“I try to go on, I try to be strong
I try to be the one to stand tall
I try to impress you, try to make you think
Nothing can hurt me, I can take it all
When the sky turns grey and the clouds bring thunder
I hold up a shelter for you to hide under
When the rain begins to fall and my shelter hits the ground
Then I’m the one
I break down.
They say in the world to make it
You’ve got to be strong
Day after day gets harder
To hold on
But sometimes I get sad
And my smiles turn to frowns, then it’s my turn
To break down
When you reach out and cry to me
I hold on, internally
But sometimes I get sad
And my smiles turn to frowns, then I’m the one
I break down.”
What was going on? What was Tommy going through, and why did he choose this song, at this moment in time, and present himself in such a bleak and brittle way? I guess it doesn’t matter now. We’ll never know. He struggled for two more years, and then took his own life.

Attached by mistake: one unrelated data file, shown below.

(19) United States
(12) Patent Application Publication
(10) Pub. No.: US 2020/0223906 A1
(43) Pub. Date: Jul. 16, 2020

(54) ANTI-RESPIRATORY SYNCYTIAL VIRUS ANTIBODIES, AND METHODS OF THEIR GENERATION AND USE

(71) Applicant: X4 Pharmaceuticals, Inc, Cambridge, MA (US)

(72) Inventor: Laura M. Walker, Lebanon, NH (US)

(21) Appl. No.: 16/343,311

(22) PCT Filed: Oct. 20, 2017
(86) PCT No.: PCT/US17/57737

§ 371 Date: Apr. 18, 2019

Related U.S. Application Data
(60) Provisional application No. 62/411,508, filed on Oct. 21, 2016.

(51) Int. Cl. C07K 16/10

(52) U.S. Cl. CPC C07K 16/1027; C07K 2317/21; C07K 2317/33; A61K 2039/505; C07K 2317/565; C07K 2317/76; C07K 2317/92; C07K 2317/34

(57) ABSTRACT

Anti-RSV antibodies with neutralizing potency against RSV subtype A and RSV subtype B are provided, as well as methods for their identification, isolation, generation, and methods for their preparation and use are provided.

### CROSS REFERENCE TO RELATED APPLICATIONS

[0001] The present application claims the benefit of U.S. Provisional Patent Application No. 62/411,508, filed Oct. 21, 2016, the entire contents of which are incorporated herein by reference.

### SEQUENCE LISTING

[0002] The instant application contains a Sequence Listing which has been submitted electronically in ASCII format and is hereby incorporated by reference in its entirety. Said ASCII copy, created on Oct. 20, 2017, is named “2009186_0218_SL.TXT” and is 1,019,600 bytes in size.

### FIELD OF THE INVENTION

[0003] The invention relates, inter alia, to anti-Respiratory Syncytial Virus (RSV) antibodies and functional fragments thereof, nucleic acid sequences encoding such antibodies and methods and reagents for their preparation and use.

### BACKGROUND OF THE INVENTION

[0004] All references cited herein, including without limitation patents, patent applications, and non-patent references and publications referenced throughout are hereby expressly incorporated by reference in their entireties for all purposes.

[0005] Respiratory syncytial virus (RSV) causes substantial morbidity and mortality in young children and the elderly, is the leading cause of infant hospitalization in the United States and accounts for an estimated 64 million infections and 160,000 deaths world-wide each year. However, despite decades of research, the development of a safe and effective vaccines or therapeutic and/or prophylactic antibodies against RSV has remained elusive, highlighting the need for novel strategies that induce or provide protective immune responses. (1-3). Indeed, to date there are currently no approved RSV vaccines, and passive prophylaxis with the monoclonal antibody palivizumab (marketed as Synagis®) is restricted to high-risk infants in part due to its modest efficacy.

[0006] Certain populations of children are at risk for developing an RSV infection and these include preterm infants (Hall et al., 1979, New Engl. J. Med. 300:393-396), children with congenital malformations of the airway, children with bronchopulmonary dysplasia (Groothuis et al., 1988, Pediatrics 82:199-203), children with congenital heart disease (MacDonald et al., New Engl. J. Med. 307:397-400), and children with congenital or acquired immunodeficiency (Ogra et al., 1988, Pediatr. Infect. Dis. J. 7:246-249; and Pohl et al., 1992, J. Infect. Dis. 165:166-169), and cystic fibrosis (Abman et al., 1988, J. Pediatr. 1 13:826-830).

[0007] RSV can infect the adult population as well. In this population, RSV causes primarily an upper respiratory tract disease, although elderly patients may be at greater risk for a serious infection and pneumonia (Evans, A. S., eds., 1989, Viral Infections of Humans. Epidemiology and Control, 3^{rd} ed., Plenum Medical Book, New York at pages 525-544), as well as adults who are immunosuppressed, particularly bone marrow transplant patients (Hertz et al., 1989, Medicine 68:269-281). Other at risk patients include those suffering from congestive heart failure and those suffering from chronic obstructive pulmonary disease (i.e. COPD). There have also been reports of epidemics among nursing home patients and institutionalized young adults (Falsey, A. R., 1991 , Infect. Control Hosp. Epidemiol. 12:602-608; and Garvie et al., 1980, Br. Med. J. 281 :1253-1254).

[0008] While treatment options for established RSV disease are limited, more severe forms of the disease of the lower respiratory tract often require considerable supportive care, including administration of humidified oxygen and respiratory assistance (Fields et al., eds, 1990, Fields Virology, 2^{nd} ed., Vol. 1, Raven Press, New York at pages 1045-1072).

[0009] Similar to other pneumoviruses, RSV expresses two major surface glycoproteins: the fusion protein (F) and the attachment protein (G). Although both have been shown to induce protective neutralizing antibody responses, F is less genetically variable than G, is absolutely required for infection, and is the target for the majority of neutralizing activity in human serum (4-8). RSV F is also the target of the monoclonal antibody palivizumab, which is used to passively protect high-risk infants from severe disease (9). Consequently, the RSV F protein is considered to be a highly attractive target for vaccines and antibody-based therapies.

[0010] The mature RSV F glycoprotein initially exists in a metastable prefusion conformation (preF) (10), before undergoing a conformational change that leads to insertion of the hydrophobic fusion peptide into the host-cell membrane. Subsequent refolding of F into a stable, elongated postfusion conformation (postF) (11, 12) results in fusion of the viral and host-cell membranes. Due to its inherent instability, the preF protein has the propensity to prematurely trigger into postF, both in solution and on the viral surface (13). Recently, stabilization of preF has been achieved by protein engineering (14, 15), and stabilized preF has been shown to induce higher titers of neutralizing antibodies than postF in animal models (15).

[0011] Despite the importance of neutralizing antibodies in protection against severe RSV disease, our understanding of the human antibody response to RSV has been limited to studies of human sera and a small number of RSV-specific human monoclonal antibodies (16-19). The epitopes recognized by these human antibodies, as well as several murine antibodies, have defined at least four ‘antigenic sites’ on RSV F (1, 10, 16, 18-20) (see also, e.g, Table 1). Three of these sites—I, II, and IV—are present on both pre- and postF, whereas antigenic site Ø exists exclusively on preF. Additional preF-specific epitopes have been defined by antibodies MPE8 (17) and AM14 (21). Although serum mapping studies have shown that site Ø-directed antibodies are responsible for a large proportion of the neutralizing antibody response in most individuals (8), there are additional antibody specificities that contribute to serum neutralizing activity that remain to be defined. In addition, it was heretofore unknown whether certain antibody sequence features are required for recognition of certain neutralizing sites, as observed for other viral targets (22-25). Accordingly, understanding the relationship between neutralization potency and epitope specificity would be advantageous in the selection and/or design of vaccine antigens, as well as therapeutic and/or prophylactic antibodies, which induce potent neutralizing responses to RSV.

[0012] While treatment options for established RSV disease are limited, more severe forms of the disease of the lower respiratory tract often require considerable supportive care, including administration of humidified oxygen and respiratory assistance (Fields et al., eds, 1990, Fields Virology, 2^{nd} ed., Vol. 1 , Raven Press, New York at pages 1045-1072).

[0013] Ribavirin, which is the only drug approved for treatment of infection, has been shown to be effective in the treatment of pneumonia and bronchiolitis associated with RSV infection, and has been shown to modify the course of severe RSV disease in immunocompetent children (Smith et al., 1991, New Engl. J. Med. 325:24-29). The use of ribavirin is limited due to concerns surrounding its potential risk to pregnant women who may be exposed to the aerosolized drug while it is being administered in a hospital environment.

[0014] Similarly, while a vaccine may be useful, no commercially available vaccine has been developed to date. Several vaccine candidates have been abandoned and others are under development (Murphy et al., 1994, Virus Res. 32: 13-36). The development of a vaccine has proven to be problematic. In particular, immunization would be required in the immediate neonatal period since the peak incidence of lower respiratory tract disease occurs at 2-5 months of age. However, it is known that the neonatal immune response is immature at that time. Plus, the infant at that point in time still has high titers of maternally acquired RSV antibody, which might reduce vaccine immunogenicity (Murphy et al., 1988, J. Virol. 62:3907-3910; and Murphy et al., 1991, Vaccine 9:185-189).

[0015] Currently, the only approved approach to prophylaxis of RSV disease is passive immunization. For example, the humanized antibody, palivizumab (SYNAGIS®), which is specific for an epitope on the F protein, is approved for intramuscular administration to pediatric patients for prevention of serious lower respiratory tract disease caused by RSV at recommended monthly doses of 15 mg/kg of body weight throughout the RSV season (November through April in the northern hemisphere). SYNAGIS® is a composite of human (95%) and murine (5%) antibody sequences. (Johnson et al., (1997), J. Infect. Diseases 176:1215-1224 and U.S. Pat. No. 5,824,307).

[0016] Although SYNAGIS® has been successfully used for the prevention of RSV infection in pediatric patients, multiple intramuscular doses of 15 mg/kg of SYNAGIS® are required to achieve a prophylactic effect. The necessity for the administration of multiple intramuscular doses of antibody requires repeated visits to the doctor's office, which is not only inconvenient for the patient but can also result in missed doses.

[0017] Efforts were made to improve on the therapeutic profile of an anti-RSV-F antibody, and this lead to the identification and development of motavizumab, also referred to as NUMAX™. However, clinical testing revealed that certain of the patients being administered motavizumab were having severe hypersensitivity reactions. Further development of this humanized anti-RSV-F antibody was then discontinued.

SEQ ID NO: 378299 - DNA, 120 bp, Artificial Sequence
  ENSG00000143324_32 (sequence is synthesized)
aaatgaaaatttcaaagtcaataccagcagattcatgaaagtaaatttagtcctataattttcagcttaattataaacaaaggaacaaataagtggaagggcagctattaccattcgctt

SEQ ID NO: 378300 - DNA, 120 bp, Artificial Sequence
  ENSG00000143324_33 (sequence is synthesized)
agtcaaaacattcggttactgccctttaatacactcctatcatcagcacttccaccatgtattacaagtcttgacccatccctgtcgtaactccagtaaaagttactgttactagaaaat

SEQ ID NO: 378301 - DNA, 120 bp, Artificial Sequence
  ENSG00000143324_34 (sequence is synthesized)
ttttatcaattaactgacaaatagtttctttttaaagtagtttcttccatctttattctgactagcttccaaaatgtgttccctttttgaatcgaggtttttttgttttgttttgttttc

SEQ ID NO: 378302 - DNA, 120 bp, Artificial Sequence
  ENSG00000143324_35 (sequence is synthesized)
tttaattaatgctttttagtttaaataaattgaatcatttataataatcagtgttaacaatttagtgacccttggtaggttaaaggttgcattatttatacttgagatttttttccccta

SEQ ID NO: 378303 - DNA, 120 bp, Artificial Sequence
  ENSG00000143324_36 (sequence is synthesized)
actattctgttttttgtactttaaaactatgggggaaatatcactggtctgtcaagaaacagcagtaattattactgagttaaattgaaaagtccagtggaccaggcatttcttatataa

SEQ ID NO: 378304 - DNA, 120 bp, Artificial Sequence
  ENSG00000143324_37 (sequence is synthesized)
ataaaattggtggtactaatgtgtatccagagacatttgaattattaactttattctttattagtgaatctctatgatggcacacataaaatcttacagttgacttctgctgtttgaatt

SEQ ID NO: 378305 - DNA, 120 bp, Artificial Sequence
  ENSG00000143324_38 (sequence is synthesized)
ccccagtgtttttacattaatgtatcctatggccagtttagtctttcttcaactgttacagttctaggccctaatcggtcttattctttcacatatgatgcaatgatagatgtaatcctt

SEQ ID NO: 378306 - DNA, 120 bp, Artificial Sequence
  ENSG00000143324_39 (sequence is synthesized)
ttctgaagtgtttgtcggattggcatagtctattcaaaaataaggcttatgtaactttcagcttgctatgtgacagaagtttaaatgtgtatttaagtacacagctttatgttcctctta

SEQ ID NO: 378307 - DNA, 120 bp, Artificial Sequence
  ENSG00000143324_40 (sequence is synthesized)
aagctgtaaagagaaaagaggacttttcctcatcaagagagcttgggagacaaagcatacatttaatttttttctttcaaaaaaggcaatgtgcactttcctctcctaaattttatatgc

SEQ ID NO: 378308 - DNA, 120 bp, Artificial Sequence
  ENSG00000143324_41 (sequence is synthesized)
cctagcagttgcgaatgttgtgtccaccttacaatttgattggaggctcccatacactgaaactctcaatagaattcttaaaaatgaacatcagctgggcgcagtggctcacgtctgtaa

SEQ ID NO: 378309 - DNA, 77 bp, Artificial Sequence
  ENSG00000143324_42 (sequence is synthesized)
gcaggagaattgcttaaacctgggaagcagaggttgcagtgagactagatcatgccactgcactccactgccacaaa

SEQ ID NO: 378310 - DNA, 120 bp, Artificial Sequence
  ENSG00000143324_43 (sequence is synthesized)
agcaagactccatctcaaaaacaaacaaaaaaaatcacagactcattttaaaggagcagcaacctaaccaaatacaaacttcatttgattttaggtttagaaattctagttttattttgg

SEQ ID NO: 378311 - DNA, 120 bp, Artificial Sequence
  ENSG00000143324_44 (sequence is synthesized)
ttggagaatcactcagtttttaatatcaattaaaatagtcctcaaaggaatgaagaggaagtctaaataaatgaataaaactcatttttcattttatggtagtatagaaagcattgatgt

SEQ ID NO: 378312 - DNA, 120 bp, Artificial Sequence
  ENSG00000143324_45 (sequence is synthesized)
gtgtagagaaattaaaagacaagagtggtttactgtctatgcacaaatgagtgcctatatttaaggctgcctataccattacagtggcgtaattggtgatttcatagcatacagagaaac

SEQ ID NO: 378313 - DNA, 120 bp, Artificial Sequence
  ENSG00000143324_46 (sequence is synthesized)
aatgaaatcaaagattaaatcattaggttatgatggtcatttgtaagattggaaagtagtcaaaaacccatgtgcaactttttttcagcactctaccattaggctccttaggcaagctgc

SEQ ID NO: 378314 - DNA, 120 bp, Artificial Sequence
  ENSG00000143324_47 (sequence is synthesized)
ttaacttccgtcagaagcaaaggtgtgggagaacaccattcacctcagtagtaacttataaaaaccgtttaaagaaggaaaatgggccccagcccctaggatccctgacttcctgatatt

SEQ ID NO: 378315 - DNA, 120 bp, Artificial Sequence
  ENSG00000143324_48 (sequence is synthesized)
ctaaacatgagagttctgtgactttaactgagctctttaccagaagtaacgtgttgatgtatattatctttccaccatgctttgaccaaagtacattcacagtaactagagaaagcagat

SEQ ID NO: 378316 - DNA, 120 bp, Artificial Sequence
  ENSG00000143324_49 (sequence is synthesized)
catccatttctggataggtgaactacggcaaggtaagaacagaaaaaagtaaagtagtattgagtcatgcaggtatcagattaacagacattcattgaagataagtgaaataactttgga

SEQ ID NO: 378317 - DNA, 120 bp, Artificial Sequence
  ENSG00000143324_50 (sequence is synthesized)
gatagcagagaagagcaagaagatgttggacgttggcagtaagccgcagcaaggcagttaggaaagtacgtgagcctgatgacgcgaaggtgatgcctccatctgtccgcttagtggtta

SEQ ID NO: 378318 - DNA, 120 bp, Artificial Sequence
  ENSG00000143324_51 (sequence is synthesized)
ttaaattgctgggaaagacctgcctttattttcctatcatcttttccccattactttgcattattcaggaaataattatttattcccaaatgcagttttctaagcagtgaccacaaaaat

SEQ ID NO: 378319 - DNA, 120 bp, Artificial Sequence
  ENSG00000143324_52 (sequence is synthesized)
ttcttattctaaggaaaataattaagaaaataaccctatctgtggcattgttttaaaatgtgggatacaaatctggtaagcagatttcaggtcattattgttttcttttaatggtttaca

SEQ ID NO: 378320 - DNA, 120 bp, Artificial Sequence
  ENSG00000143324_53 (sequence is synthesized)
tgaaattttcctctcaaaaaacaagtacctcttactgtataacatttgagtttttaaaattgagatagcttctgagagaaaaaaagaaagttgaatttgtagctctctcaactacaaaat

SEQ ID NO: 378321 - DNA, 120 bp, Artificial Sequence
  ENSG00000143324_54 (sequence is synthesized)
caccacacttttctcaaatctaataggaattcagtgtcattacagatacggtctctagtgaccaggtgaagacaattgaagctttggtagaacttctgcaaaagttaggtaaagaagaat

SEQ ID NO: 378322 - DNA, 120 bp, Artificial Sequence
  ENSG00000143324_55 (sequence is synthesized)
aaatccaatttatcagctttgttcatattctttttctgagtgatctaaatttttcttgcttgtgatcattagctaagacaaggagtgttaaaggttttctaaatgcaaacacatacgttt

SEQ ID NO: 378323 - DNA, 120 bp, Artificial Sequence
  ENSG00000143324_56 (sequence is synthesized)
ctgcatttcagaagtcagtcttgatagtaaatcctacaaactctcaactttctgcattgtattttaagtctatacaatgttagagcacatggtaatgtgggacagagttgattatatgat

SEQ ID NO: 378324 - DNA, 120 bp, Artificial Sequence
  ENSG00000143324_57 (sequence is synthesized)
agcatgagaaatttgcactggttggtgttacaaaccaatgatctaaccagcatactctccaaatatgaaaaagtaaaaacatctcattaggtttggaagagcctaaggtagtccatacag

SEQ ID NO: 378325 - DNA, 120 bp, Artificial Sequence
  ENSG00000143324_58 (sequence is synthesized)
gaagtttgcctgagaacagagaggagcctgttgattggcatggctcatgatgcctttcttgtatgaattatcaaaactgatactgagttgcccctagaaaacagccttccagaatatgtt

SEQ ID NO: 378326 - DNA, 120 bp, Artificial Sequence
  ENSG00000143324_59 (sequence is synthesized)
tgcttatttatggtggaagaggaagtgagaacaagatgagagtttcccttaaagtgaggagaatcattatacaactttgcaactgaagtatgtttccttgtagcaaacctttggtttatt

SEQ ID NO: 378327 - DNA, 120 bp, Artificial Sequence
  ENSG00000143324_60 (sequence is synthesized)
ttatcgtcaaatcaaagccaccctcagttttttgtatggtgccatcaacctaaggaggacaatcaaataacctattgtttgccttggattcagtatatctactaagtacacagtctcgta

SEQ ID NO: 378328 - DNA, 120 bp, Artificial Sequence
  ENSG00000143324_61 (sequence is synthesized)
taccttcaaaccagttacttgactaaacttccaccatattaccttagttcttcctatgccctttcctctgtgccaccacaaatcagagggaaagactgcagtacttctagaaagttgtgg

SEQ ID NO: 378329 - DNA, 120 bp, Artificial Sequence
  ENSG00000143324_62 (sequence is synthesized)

Still today I have no idea what happened to Tommy Page, and it has sort of haunted me. He was successful and respectful in the industry. He was married and had a family. He had an adoring fan base in Asia who loved him. So, what kind of pain could he have been in to make him take his own life? We’ll just never know.
I think about these things every time I come across that $5 copy of his album when I’m record shopping in Fowlers Corners, and it makes me pause. Tommy Page deserves so much more fan appreciation, and to be remembered far more widely than he was. I really hope soon I’ll go back, and it won’t be there, and I’ll know that I’m not the only one who remembers Tommy.